By Jon Dougherty
(NationalSentinel) As Congress and President Donald Trump come under increased pressure to enact new legislation following a rash of mass shootings, one noted gun crime expert says two of the most of popular proposals being discussed — universal background checks and national “red flag” legislation — are a “false promise” to the American people to reduce such incidents.
During in interview with NewsMax TV this week, Dr. John Lott, author of “More Guns, Less Crime” and president of the Crime Research Center, said universal background checks, in particular, would do nothing to stop mass shootings and would even prevent innocent people from being able to obtain a firearm for self-defense.
“I understand they want to do something to stop these mass shootings,” Lott said. “I just wish they would do something that was in someway related to these mass public shootings.”
He noted that nine 2020 Democratic presidential candidates appeared this week on a gun forum town hall sponsored by CNN to discuss the shootings, and all of them supported background checks for private gun transactions, the purpose behind a universal background check bill.
“I wish [the media] would go and say, ‘Well, okay, can you point to one mass shooting this century that would have been stopped, even assuming that it was perfectly enforced, that would have stopped it.’ And they can’t” point to a single one, Lott said.
In a separate interview with radio conservative host Mark Levin, Lott said that the term “assault weapon” was fabricated about 35 years ago, around the time of the first ban on military-style semi-automatic weapons during the Clinton administration, and did nothing to impact gun crimes.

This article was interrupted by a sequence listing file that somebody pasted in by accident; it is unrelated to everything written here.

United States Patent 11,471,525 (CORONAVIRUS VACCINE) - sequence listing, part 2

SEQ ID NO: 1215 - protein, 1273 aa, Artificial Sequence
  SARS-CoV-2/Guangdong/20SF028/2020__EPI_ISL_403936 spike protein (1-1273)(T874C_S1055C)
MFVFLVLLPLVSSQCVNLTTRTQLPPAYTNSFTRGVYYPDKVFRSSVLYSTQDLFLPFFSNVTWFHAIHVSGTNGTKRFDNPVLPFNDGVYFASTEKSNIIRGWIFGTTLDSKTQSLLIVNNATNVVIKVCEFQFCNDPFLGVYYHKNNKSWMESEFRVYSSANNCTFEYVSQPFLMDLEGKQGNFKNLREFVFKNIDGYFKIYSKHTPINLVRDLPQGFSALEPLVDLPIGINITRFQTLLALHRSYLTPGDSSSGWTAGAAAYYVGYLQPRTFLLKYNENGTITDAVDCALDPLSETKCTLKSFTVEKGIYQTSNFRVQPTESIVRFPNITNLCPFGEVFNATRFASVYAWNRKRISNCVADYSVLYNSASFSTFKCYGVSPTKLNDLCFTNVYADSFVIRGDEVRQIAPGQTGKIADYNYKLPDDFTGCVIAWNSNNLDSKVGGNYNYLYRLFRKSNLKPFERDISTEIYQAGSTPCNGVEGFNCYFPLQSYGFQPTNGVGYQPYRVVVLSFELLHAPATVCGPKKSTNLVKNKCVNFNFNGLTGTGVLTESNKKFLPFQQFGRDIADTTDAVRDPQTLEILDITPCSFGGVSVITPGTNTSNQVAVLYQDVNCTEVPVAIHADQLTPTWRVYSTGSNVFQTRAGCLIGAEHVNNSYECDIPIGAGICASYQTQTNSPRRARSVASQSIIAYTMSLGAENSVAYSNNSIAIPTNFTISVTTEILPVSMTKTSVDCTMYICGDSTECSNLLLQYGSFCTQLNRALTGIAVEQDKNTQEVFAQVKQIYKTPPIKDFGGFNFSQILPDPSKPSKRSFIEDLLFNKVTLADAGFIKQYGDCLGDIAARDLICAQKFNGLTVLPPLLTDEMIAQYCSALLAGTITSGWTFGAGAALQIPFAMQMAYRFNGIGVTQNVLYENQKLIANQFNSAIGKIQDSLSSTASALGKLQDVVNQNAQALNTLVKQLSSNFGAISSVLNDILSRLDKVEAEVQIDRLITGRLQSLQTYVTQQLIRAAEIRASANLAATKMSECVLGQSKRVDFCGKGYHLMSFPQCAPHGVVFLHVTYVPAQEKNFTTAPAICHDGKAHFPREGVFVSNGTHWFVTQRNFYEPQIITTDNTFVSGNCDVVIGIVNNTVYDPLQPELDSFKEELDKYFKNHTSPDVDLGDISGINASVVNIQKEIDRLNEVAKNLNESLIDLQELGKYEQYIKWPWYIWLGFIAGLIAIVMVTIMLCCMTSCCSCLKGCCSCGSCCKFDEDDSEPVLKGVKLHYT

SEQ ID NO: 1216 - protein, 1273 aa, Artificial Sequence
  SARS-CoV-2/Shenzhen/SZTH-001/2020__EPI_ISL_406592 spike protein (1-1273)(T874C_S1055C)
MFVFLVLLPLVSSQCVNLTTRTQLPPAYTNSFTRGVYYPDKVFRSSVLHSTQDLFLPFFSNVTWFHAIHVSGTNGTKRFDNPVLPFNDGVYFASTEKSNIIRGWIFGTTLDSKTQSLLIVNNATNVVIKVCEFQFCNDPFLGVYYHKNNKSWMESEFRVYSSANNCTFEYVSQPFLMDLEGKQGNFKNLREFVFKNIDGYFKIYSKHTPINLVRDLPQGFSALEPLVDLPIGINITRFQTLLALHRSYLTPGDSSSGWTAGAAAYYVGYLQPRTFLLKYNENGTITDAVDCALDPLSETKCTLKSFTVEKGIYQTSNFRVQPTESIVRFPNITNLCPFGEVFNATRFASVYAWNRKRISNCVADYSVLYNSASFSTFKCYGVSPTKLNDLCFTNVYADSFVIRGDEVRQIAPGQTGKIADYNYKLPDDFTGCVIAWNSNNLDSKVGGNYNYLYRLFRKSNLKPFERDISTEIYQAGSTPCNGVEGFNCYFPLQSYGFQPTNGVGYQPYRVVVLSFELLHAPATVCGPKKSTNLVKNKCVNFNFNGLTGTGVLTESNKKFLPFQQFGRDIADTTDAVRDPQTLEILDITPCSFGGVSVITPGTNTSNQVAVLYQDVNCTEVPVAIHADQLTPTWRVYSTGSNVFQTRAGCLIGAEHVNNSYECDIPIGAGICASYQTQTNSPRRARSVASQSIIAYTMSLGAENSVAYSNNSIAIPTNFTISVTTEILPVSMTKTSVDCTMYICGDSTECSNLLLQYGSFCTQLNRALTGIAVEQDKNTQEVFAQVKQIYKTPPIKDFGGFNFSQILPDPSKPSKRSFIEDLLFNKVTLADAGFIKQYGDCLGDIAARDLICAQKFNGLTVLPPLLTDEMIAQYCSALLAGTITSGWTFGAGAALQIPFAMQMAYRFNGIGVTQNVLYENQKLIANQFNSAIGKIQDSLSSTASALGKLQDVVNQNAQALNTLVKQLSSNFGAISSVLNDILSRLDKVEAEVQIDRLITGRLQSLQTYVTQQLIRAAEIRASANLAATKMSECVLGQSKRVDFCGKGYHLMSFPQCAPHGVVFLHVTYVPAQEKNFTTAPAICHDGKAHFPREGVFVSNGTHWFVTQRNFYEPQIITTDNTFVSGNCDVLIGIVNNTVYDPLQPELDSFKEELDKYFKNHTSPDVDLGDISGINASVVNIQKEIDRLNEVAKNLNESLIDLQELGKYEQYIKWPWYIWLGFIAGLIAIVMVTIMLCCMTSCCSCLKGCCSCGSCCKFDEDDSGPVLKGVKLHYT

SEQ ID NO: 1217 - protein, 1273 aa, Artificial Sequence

As for red flag laws, which empower police to confiscate firearms from people deemed by a court to be a threat, “have virtually nothing to do with mental health,” Lott said.
“There are 17 states that have this law now, and only one of them mentions the term ‘mental health’ in it,” he added. “The basic notion is [authorities] try to predict whether somebody will commit a crime or harm themselves.”
Lott said his organization conducted research into state-managed red flag laws in part by bringing in officials who ran them to ask what they looked for when deciding who should be considered dangerous and eligible for gun confiscation.
“It was kind of scary,” Lott noted, adding that officials said they would look for factors like age, past criminal record, the sex of the suspect, and other factors, though race was not a consideration.
He also said that states already have all the laws on the books to deal with potentially dangerous persons, including one known as the Baker Act. That allows authorities to commit a person involuntarily for a 72-hour mental health evaluation if they believe that person is dangerous or could harm himself or herself.
But, “what they want to try to do with red flag laws is to get rid of some of the restrictions that exist,” Lott explained. “With the Baker Act, you have a psychiatric professional evaluate the person and make a decision. Under red flag laws, there are no psychiatric experts that are involved.”
He said such laws involve a “two-stage” process involving a complaint — the origins of which vary from state to state — that is put before a judge who knows nothing about the person other than what he or she has been provided by police.
If the order to confiscate firearms is issued, the targeted person’s guns are collected by police and the person must wait anywhere from two weeks to a month for a hearing before the court, which then determines whether the person is mentally fit to have guns returned.
As Lott notes, however, the process occurs without any legal representation for the targeted person and without him or her being able to present their case and witnesses, which some legal experts have said is a gross violation of the Constitution’s due process requirements, as well as the Second Amendment.
President Trump last week indicated some support for legislation crafted by Sens. Lindsey Graham (R-S.C.) and Richard Blumenthal (D-Conn.) that would serve as a an economic incentive for remaining states to pass red flag laws, among other provisions.
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